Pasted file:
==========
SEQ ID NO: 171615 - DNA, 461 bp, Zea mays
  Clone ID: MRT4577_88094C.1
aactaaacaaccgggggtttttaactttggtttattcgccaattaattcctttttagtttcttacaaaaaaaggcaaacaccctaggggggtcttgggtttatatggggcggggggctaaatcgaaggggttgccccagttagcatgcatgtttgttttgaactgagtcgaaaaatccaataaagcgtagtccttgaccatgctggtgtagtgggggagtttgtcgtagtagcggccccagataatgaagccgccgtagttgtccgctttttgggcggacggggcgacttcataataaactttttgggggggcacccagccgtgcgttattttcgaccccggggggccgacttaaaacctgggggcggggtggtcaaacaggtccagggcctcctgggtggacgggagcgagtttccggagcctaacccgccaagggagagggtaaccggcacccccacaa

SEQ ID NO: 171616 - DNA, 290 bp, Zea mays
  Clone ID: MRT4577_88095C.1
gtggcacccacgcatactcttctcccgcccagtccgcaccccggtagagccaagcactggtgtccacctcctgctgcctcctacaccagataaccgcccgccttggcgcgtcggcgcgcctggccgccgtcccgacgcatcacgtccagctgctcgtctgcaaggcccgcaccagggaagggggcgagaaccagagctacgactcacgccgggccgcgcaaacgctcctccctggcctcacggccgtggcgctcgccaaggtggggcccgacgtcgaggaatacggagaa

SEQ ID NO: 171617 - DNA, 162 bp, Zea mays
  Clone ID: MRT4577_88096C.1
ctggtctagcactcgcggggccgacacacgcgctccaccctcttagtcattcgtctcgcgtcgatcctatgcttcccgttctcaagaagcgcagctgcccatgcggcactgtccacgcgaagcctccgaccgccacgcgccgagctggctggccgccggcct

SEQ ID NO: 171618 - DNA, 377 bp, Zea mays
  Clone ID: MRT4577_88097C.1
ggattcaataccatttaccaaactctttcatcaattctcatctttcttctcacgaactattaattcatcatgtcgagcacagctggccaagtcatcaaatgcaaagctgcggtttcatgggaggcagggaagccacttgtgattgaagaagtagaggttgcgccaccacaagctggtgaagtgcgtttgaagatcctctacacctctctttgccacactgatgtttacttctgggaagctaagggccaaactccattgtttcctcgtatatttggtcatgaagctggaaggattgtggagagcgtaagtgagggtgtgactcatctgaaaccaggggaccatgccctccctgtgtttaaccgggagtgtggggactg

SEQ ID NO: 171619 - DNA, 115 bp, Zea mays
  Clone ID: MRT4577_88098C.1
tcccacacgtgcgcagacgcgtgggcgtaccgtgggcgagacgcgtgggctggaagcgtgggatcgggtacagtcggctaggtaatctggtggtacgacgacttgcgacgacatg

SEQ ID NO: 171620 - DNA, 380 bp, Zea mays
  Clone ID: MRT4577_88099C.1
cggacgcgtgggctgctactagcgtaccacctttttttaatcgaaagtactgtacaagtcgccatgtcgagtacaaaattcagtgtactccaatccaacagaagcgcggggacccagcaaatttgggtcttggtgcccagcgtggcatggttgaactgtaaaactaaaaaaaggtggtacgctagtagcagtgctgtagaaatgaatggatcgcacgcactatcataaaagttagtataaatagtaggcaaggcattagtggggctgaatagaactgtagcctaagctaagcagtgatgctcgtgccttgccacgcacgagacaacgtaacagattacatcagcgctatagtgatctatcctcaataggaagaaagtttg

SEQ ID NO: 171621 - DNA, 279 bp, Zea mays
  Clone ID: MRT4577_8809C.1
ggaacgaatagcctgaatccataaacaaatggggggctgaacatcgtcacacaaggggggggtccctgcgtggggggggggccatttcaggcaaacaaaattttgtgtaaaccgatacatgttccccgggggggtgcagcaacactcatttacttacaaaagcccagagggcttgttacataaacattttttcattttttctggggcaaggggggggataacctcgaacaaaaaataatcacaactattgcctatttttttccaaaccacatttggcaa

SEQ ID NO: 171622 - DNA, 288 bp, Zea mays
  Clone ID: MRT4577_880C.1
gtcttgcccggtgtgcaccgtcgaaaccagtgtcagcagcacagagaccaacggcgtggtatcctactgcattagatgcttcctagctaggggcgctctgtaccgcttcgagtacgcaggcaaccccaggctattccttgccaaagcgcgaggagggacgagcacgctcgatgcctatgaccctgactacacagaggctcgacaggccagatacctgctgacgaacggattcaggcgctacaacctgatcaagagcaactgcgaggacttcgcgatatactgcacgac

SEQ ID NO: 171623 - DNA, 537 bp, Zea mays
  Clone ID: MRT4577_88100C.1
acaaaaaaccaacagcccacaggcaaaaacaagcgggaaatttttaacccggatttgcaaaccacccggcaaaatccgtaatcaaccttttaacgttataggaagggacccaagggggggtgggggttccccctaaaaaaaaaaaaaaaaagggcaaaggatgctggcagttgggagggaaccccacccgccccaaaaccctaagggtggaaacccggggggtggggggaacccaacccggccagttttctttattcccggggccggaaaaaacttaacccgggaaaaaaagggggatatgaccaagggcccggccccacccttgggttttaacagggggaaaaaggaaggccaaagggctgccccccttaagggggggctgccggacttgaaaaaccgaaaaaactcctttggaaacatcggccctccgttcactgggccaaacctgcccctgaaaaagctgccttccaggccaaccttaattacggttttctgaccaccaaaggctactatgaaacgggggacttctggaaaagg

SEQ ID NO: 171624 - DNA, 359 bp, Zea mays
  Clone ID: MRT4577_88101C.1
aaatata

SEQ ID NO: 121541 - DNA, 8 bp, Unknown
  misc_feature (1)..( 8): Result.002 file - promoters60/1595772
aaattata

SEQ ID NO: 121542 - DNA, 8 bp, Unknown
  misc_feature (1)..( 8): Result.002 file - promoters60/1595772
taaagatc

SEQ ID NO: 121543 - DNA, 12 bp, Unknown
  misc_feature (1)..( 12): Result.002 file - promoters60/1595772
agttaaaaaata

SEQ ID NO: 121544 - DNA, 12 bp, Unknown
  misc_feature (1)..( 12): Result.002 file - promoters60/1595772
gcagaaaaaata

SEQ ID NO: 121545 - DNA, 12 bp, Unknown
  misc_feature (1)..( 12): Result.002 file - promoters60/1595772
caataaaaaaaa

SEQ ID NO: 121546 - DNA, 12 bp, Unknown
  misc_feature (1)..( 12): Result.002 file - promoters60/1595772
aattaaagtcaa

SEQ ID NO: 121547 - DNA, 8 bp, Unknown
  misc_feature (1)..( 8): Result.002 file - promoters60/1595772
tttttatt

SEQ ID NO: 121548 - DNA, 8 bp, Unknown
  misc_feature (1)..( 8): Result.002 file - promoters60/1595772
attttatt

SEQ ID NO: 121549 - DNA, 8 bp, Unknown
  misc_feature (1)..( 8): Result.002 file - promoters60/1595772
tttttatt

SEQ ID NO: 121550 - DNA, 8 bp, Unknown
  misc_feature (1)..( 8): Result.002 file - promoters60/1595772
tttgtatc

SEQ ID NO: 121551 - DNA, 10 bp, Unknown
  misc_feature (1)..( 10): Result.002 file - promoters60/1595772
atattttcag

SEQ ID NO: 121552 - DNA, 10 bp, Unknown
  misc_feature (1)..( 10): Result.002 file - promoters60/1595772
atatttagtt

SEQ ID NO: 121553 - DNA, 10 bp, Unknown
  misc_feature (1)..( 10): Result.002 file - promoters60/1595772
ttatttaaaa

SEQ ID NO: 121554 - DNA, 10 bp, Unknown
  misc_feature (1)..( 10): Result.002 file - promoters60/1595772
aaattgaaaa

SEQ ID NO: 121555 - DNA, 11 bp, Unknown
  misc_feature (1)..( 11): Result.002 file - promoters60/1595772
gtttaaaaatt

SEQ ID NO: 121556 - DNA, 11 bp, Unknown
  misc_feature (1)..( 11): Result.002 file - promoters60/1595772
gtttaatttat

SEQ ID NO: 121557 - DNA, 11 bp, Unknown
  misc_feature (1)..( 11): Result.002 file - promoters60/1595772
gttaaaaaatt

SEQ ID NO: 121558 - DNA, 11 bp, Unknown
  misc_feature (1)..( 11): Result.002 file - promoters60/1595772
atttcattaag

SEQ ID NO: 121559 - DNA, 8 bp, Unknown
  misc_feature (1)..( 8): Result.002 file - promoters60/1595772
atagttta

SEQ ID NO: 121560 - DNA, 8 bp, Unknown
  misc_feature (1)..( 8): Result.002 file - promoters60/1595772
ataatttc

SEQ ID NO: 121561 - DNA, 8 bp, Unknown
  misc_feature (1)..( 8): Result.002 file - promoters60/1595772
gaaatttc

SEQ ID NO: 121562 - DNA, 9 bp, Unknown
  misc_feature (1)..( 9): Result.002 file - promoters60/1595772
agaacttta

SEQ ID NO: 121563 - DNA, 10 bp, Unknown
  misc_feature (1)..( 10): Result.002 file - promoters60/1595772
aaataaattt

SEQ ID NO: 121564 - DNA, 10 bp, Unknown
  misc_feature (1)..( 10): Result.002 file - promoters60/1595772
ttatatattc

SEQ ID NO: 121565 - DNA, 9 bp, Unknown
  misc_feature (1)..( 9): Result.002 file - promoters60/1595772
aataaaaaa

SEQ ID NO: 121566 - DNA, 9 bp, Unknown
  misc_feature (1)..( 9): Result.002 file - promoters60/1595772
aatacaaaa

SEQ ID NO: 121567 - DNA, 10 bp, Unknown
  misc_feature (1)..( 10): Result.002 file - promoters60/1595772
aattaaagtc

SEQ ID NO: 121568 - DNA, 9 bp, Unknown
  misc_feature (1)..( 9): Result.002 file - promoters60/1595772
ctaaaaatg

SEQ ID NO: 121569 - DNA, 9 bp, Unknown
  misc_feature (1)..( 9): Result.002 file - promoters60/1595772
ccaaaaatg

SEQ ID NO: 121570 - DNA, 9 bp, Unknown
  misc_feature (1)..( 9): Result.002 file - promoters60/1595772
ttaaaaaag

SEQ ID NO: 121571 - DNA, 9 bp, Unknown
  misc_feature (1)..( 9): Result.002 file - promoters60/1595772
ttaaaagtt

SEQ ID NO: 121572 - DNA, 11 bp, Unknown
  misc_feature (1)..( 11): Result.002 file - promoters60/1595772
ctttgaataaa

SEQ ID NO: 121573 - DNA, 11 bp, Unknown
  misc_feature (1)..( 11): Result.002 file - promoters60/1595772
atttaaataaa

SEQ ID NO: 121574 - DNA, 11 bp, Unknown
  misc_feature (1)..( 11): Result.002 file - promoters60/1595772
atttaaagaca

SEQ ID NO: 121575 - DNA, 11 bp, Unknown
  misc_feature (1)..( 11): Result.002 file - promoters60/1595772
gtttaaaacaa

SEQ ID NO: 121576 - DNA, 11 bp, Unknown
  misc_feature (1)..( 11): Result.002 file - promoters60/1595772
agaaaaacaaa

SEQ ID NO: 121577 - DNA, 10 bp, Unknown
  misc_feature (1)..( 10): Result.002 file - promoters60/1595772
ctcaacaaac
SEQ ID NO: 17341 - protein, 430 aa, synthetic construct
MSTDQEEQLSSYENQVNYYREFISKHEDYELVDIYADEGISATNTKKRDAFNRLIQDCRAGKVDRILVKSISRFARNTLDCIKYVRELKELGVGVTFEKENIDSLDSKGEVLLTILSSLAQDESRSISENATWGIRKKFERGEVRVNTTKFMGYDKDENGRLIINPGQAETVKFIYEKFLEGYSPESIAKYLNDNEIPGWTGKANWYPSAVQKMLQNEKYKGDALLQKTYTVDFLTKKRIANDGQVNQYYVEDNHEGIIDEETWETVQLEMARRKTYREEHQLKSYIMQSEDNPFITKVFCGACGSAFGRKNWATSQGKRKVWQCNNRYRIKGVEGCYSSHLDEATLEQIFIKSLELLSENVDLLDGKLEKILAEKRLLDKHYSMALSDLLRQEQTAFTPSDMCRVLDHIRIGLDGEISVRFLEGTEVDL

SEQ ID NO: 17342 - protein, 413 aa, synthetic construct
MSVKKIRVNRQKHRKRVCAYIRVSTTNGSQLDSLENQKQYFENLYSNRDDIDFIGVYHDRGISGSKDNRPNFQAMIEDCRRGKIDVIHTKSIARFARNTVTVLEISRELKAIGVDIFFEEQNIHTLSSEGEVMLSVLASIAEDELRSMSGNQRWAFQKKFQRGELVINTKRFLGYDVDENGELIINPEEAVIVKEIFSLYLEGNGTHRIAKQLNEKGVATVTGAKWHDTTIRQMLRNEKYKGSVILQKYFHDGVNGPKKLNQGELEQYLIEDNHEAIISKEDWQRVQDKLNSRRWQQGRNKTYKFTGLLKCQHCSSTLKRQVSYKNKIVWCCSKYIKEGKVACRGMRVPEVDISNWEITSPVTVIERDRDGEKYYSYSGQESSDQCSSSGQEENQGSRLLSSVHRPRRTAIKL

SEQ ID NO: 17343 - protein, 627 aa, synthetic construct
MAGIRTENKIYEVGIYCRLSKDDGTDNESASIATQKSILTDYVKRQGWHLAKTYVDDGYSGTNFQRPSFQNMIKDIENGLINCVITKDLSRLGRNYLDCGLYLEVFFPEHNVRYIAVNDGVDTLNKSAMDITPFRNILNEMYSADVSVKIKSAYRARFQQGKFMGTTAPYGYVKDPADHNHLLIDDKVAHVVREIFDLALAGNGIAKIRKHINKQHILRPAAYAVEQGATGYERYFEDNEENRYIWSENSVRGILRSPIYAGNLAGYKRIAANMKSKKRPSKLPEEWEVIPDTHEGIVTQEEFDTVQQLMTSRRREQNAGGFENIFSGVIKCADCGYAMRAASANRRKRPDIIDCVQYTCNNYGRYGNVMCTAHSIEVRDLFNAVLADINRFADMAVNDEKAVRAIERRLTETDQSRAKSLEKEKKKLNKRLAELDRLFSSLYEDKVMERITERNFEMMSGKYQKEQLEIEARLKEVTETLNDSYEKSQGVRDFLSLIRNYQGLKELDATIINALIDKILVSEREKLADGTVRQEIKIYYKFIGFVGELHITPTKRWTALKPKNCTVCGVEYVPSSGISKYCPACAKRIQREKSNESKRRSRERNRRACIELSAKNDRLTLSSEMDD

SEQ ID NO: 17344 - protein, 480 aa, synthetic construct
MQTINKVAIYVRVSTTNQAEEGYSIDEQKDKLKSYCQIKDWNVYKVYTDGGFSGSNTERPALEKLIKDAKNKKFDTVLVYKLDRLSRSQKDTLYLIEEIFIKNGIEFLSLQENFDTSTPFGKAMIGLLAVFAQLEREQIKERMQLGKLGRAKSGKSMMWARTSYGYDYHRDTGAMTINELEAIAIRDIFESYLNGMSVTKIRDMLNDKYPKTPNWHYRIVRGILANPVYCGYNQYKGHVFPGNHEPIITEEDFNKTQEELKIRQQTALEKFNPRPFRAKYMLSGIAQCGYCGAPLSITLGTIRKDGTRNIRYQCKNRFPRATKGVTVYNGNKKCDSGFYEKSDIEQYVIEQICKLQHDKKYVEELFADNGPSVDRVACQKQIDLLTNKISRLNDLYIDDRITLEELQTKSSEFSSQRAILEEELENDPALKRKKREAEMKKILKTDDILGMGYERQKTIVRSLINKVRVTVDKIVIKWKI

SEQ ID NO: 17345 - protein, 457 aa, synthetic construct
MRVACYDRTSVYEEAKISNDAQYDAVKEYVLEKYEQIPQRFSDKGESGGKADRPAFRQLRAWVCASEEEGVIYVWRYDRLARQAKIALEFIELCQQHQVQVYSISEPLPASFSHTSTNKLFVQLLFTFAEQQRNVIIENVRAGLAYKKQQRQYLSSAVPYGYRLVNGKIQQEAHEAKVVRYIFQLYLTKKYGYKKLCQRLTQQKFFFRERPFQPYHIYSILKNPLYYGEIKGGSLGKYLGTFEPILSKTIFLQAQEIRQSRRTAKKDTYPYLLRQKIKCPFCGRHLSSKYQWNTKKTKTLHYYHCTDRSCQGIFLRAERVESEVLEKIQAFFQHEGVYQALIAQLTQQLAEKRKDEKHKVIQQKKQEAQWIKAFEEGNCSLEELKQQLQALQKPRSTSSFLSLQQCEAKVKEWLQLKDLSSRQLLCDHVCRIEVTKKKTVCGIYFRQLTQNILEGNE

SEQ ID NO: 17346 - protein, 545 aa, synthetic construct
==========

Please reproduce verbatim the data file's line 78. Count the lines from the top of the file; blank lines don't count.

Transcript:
gtttaatttat